Contention surrounding how to commemorate the end of the Algerian War of Independence in France reveals the narrative differences that split practices of national remembrance in France. The memory activism of pied-noir and harkis groups has fiercely rejected the 19 March as a commemorative date on the basis that it erases the many dead following outbreaks of violence in Algeria after the Evian Accords. Officially, the 19 March 1962 ceasefire ended the hostilities of the Algerian War of Independence while violence escalated in other contexts, especially against the harkis soldiers left behind by the French state.
As Claire Eldridge puts it, a rejection of 19 March has been a ‘central plank of pied-noir activism for the past fifty years’ (2016: 114). The rejection of the 19 March by these groups is also strengthened by the fact that there is no national day for the pieds-noirs or a national monument to this specific community. Instead, the memory of the pied-noir community is generally integrated into commemorations for the Algerian War or in efforts to re-patriate war monuments that were moved to metropolitan France. As a result, pieds-noirs communities have largely been left to foster their own memory practices at local levels, often with little push back from the state.
In 2003, President Jacques Chirac sought to avoid a commemorative minefield by electing a national date of commemoration that had no particular historical significance other than the inauguration of the Mémorial national aux Morts pour la France pendant la guerre d'Algérie et les combats du Maroc et de la Tunisie on 5 Decemeber 2002. However, Rémi Dalisson notes that, despite this official manoeuvre, general support for the 19 mars as the official date of commemoration only increased. In an IFOP poll ordered by the FNACA, public opinion peaked in 2007 when 86% claimed to be in favour of 19 March as the national day to commemorate the Algerian War. As a result, in the early 21st century, France faced the dilemma of having 2 or 3 national days of remembrance for the Algerian War: 19 March (Ceasefire), 5 December (National Day of Remembrance), and 25 September (Harki Day of Remembrance). For Dalisson, this risked relighting the 'war of memories' in which each group is able to choose its camp and associated dates, reinforcing their own interests to the detriment of others and thus 'prevent any historical work' (Dalisson 2018 : 219).
Claire Eldridge also notes the strength of pied-noir opposition to the 19 March, crystallizing around the annual commemorative events in the forms of protests: "In 1982, during the course of a live televised debate held outdoors in Montpellier to mark the twentieth anniversary of the cessation of hostilities, a large crowd gathered holding aloft banners reading ’19 March shame for France’; their protests becoming so vocal that the host threatened to terminate the broadcast. François Delma, Montpellier’s mayor from 1959 until 1977, had been a staunch opponent of naming streets after this date. Continuing this stance, his successor, the socialist Georges Frêche, can be seen during the broadcast standing amidst the protesting pieds-noirs." (Eldridge 2016: 114)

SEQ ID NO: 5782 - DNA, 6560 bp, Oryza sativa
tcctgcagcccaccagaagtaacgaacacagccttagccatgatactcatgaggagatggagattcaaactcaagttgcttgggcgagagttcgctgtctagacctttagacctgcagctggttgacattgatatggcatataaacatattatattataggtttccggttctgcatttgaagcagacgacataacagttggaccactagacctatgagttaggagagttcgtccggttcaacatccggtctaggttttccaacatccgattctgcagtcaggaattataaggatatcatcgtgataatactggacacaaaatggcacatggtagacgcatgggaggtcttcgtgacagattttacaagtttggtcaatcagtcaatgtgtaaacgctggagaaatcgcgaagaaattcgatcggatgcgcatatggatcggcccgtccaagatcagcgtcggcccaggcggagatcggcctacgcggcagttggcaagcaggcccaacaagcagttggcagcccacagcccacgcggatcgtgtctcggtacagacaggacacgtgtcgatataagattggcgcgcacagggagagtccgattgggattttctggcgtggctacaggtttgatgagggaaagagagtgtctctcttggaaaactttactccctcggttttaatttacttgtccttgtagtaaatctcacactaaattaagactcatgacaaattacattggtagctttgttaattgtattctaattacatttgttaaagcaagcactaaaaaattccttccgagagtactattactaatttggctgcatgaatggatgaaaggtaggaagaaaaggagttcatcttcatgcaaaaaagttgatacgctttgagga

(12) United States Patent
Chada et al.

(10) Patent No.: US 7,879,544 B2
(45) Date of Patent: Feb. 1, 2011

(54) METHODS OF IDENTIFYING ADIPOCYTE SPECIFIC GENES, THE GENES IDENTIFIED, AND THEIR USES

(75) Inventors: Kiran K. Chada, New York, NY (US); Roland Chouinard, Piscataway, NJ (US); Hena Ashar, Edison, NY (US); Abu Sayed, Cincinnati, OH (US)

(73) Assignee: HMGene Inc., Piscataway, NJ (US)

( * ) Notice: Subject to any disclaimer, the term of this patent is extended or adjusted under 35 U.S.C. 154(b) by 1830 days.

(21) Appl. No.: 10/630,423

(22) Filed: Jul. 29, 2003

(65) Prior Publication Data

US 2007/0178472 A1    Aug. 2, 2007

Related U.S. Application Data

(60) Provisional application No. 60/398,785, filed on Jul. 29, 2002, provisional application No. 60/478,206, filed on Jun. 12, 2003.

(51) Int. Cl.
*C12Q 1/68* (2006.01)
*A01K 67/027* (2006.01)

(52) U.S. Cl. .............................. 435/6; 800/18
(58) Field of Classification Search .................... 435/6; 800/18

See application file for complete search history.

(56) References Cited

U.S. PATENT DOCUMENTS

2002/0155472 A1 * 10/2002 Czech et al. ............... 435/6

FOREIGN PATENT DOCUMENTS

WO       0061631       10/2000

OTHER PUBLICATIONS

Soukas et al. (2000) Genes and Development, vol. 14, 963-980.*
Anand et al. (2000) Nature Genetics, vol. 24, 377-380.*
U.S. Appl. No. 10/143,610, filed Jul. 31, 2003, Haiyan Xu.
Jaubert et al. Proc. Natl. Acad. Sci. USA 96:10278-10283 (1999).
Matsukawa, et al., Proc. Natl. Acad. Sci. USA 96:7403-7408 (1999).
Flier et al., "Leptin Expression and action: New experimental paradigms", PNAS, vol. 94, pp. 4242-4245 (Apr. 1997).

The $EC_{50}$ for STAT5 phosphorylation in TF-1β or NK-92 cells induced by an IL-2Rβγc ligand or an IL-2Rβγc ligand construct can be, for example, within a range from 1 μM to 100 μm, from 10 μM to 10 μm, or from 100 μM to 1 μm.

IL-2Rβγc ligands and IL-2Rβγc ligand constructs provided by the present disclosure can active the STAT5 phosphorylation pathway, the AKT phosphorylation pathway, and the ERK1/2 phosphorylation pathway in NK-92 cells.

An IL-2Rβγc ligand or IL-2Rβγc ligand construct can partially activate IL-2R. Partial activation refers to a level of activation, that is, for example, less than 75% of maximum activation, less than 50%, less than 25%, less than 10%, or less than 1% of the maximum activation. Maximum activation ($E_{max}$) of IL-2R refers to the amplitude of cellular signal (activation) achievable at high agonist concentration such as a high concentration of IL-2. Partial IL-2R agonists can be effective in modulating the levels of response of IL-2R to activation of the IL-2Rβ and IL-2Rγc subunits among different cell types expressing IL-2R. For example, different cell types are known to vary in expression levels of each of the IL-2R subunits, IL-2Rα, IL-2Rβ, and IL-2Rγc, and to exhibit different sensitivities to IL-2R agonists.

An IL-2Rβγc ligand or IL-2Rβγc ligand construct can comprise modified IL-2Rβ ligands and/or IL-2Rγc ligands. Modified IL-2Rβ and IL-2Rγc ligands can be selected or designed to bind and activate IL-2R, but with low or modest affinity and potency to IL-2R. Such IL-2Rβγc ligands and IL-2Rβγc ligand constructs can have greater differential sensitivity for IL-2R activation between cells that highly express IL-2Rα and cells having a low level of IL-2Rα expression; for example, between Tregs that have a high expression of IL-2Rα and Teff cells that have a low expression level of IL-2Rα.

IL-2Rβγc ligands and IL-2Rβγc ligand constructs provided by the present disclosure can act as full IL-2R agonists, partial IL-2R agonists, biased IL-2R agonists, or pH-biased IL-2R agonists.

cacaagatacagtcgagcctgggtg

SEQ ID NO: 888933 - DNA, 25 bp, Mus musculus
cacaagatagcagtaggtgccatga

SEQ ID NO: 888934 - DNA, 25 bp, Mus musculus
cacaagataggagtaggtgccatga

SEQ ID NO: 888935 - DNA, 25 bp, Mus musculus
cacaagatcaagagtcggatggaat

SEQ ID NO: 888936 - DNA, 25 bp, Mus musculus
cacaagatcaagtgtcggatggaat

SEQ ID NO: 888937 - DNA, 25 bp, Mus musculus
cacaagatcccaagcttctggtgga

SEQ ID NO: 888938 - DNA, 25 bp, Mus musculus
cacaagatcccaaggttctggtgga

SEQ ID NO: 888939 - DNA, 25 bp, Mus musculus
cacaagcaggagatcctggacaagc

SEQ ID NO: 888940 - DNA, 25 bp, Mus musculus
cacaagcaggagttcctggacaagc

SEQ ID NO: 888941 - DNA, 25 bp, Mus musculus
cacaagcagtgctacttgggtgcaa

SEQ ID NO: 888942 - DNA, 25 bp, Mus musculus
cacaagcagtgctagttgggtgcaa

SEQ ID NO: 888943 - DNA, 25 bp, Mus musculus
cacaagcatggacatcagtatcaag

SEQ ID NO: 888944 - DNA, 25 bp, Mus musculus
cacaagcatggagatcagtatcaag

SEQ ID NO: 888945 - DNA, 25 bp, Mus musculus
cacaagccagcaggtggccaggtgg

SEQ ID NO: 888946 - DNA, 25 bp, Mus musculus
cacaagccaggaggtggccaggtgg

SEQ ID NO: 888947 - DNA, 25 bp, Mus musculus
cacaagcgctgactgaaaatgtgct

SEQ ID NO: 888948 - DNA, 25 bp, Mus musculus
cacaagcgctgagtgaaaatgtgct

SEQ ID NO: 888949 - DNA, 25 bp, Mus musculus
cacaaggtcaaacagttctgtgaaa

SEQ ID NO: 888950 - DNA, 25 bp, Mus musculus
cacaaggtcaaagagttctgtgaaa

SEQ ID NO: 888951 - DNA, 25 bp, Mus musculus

One sign of the official preference for the 19 March as the day of remembrance is in the number of public spaces in France that have been renamed with '19 mars'. However, this has not been without push back from pieds-noirs and harkis memory activists. On the 50th anniversary of the ceasefire, the Cercle algérianiste organised a protest in Toulouse against the adoption of “Pont du 19 mars” for “Pont Bayard”. That year similar protests took place in Nimes, Villeneuve-les-Avignon, and Aix-en-Provence. Boycotts of official '19 mars' ceremonies are a widely adopted form of protest which, especially in the South-East, tends to be supported by local mayors where there is a higher concentration of pieds-noirs and harkis associations and affiliated political groups. Other commemorations have been interrupted attendees turning their backs or by playing music.
Dalisson calls this the 'anthem war' [‘guerre des hymnes’] which highlights the many performative issues that go into a 'commemorative mise-en-scène' as well as all the dissent surrounding the '19 mars' (2018 : 239). For example, some will play ‘Chants des Africains’ as a subversive act of commemoration, whereas Serge Lama's 1975 song 'L’Algérie' is the unofficial anthem of the FNACA (a veteran organisation), addressing the experiences of young, French appelés in Algeria, their fear, and the absurdity of the war.
Controversy over '19 mars' in France points to the ongoing struggle to establish a dominant and stable collective memory of the events of 1962 and the ongoing memory activism of pieds-noirs and harkis groups.